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Oklahoma fans still love Uwe von Schamann

by Berry Tramel Published: January 29, 2010
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photo - In Oklahoma, Uwe von Schamann is best known for this kick in 1977 that defeated Ohio State. In Miami, his most well-known kicks were two misses in a 41-38 loss to San Diego in the 1981 NFL playoffs.  PHOTO PROVIDED
In Oklahoma, Uwe von Schamann is best known for this kick in 1977 that defeated Ohio State. In Miami, his most well-known kicks were two misses in a 41-38 loss to San Diego in the 1981 NFL playoffs. PHOTO PROVIDED
Pal of mine picked up a 10-year-old kid on the carpool circuit Monday morning. Kid was bummed about Garrett Hartley’s winning field goal that beat Minnesota in the NFC Championship Game.

"Can’t make it against Oregon, but he beats the Vikings,” said the kid, a big OU and Adrian Peterson fan.

With all the nonsense at the end of that Oklahoma-Oregon game, had you forgotten the blocked field goal on the last play? That 44-yarder was Hartley’s only miss in 20 kicks in 2006.

Obviously, some remember. Which makes Hartley the bizarro Uwe von Schamann, the most hailed of Sooner kickers, but a pariah in Miami.

Von Schamann nailed the biggest field goal in OU history, the 41-yarder that beat Ohio State 29-28 in that epic 1977 game. But four years later, von Schamann fell short of heroics in an epic NFL game.

The Chargers beat von Schamann’s Dolphins 41-38 in overtime of a 1981 divisional playoff that many consider among the five best football games ever played. Miami had two prime chances to win, but San Diego blocked von Schamann’s 43-yarder late in regulation and 34-yarder in overtime. Both kicks were low.

"The feeling is awful,” von Schamann said. "You have to live with it the whole year. You feel like you let your team down.”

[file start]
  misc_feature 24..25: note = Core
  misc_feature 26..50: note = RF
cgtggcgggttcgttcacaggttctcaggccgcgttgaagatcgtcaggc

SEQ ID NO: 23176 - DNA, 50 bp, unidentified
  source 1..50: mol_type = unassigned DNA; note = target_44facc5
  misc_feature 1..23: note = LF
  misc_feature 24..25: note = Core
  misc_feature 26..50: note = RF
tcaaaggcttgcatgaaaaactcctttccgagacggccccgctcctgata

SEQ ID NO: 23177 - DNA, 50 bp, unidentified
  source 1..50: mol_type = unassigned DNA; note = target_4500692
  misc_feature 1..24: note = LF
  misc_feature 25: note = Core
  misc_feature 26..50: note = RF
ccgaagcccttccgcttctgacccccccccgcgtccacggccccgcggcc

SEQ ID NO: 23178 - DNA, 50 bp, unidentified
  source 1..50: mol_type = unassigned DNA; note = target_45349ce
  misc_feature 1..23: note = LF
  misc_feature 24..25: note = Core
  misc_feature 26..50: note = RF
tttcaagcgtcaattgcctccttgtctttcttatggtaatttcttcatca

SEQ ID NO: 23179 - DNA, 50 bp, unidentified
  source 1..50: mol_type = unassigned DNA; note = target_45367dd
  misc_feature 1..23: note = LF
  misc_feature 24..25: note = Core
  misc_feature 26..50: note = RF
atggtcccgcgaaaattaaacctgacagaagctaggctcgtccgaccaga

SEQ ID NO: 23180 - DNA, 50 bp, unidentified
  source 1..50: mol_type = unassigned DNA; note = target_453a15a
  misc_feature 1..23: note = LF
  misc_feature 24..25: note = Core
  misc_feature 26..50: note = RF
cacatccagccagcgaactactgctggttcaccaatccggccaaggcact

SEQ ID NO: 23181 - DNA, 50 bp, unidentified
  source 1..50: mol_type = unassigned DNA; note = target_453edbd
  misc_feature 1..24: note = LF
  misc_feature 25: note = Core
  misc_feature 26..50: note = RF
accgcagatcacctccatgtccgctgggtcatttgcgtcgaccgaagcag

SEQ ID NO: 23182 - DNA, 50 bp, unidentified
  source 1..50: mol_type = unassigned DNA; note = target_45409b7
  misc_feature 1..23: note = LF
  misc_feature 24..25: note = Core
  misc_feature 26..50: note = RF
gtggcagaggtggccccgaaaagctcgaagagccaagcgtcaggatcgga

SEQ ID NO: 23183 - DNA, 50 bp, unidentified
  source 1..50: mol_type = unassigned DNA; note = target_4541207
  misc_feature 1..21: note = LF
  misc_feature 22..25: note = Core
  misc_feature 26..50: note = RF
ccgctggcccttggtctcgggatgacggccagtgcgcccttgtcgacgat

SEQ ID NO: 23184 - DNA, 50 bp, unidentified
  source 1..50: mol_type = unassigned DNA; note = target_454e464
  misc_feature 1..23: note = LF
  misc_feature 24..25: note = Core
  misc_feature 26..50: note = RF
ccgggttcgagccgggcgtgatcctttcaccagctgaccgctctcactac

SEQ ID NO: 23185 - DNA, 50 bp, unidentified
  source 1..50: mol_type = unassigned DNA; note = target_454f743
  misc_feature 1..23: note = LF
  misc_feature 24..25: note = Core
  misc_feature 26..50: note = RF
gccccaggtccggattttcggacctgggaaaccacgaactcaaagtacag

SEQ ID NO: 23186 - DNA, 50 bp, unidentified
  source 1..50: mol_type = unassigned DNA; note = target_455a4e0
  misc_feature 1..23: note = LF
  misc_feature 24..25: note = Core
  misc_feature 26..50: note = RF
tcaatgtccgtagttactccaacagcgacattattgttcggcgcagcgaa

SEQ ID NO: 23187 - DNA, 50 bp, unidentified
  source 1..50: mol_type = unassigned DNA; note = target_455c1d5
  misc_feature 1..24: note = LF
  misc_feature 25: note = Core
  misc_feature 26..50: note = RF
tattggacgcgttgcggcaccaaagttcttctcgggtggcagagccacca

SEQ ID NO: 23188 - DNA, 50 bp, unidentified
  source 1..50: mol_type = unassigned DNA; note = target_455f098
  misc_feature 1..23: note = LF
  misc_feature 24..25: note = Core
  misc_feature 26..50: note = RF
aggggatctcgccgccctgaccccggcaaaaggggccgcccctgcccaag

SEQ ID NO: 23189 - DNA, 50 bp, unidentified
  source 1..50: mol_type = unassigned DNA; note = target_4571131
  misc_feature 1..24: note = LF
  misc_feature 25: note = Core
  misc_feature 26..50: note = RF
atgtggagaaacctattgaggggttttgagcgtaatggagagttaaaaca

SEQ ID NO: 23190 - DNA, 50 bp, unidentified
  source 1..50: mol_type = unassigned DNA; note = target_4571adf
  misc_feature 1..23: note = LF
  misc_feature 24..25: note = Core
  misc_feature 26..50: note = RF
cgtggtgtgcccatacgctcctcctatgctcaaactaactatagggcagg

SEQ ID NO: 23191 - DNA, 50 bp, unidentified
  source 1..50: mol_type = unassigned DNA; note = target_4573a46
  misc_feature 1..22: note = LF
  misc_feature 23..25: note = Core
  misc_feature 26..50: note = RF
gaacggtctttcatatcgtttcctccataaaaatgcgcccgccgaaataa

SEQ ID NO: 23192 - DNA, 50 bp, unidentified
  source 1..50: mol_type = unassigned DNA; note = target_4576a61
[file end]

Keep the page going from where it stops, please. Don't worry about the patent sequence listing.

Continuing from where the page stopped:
Von Schamann’s Ohio State kick still opens doors for him as director of fund-raising at Norman’s J.D. McCarty Center for children with developmental disabilities. But von Schamann also can recall the details of those two blocked field goals at the Orange Bowl.

"I basically hit the ball fat, like a golf shot,” von Schamann said. "I’d like to have that one back. But those moments, they’re going to come. You do learn a lot from those failures. They make you tougher.”

Von Schamann worked with Hartley in the off-season and was pulling for his protégé.

"I was really proud of the way he came through,” von Schamann said. "I could tell he was real confident. His demeanor, the way he stepped up. It was a sweet kick, like one of those perfect swings on the golf course.

"It’s something you prepare for always, mentally, when you’re practicing.”

Just exactly how do you do that? How do you prepare for the weight of a franchise, for the hope of fans who have waited 43 years for a championship, for lifting the burden of a city trying to rebuild from tragedy?

"It’s hard to duplicate,” von Schamann said.

by Berry Tramel
Columnist
Berry Tramel, a lifelong Oklahoman, sports fan and newspaper reader, joined The Oklahoman in 1991 and has served as beat writer, assistant sports editor, sports editor and columnist. Tramel grew up reading four daily newspapers — The Oklahoman,...
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